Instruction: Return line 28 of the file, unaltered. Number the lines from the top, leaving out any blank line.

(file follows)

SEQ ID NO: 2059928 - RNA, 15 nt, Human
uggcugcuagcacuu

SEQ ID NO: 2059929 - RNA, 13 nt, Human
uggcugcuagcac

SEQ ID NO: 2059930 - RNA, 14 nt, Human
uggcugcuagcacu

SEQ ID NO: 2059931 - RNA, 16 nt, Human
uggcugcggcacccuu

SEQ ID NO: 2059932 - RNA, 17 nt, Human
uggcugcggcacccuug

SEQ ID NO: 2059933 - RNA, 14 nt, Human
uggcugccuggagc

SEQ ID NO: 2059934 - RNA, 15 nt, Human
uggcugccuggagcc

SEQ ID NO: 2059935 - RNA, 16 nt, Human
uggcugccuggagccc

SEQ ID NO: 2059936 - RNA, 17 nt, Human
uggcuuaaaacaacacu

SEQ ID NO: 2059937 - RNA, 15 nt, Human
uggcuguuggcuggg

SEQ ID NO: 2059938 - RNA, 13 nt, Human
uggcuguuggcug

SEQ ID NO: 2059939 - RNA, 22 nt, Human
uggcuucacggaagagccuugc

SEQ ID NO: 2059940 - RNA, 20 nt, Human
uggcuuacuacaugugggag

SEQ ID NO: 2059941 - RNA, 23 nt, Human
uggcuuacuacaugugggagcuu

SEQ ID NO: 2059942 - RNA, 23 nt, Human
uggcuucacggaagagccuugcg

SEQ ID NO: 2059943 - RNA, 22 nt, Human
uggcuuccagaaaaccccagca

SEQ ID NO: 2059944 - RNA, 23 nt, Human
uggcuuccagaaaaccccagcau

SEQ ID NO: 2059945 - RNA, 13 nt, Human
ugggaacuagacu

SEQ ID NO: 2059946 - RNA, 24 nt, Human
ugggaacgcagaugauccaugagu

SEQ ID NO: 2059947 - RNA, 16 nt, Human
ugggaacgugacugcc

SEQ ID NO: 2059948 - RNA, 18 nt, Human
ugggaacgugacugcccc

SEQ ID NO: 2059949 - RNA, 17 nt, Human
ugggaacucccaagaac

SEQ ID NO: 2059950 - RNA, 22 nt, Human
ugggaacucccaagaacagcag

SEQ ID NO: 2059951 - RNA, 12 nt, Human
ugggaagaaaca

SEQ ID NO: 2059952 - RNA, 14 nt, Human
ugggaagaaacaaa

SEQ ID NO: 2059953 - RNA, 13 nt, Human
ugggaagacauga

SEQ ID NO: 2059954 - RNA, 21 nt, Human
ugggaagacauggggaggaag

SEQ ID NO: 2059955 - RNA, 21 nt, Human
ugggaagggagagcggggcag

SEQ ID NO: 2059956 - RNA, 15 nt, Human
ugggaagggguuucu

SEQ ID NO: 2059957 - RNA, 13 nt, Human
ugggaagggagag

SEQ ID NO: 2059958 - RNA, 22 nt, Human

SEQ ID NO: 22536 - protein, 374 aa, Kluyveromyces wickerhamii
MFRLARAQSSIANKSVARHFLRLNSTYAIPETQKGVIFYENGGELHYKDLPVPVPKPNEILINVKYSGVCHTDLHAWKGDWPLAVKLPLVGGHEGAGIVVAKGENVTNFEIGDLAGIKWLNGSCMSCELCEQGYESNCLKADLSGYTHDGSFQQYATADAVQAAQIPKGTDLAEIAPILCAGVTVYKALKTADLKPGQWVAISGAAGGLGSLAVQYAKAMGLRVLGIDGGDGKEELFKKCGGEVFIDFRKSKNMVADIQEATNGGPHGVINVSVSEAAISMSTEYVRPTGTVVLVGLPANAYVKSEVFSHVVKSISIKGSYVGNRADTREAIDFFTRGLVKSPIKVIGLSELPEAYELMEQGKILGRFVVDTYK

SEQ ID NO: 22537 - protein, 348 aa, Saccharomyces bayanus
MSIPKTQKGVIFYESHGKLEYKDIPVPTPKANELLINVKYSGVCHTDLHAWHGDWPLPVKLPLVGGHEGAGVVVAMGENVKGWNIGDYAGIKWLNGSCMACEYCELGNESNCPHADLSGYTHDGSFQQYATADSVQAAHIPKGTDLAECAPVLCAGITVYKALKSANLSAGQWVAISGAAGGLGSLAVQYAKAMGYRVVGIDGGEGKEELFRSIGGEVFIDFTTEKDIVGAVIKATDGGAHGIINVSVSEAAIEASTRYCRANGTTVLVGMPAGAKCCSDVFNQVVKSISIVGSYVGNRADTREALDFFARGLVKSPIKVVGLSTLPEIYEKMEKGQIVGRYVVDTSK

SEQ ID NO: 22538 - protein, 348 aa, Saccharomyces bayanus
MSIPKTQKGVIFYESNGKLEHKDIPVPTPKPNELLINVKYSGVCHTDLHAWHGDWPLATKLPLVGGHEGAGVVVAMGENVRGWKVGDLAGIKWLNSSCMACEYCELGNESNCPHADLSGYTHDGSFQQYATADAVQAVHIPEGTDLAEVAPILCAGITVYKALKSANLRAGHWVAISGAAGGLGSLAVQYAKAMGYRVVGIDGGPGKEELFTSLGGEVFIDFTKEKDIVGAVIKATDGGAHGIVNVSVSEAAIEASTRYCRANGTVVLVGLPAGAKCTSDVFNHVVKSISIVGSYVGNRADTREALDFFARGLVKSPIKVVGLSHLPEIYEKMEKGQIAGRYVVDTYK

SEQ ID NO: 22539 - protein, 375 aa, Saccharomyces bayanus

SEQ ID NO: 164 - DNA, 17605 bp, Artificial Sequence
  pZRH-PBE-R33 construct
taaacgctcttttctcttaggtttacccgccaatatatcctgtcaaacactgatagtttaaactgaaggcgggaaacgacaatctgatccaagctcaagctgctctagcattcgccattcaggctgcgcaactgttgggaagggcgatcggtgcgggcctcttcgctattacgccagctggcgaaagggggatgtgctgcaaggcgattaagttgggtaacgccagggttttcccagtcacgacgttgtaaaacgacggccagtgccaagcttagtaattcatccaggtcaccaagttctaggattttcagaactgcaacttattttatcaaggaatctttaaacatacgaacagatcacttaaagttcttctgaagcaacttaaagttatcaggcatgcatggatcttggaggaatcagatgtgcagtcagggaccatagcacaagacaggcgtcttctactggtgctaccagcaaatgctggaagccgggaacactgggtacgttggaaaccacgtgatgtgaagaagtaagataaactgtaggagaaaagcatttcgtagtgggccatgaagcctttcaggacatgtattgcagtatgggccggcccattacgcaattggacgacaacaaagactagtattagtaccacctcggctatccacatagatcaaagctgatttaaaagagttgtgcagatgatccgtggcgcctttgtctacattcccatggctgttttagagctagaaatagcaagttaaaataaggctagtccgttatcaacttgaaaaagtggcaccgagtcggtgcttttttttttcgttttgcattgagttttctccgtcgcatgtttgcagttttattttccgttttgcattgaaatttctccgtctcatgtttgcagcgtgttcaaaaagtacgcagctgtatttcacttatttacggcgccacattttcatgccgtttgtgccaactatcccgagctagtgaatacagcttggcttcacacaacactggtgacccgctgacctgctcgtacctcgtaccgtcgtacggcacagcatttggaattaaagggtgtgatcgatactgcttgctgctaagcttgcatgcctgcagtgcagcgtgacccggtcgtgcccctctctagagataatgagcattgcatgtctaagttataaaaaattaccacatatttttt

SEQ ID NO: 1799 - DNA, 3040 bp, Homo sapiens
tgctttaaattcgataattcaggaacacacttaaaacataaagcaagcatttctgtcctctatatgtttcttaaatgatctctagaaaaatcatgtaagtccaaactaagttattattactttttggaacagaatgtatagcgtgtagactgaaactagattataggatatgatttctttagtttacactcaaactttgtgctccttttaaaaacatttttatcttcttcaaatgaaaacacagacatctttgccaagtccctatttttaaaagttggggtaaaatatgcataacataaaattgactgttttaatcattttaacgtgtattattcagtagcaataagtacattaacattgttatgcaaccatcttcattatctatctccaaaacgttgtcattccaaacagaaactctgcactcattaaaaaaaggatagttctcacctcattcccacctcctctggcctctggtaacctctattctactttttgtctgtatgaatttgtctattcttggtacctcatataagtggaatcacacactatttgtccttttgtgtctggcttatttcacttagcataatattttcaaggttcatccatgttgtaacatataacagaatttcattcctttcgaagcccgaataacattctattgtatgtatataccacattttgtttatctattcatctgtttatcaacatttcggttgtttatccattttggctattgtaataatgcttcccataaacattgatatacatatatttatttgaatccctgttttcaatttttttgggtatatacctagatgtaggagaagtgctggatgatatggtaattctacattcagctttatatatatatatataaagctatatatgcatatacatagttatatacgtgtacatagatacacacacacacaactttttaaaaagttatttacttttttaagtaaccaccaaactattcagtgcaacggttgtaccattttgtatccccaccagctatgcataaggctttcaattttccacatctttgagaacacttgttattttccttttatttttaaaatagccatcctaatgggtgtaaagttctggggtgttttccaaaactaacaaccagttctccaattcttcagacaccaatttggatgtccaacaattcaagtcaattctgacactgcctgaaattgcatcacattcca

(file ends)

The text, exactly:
uggcuuacuacaugugggagcuu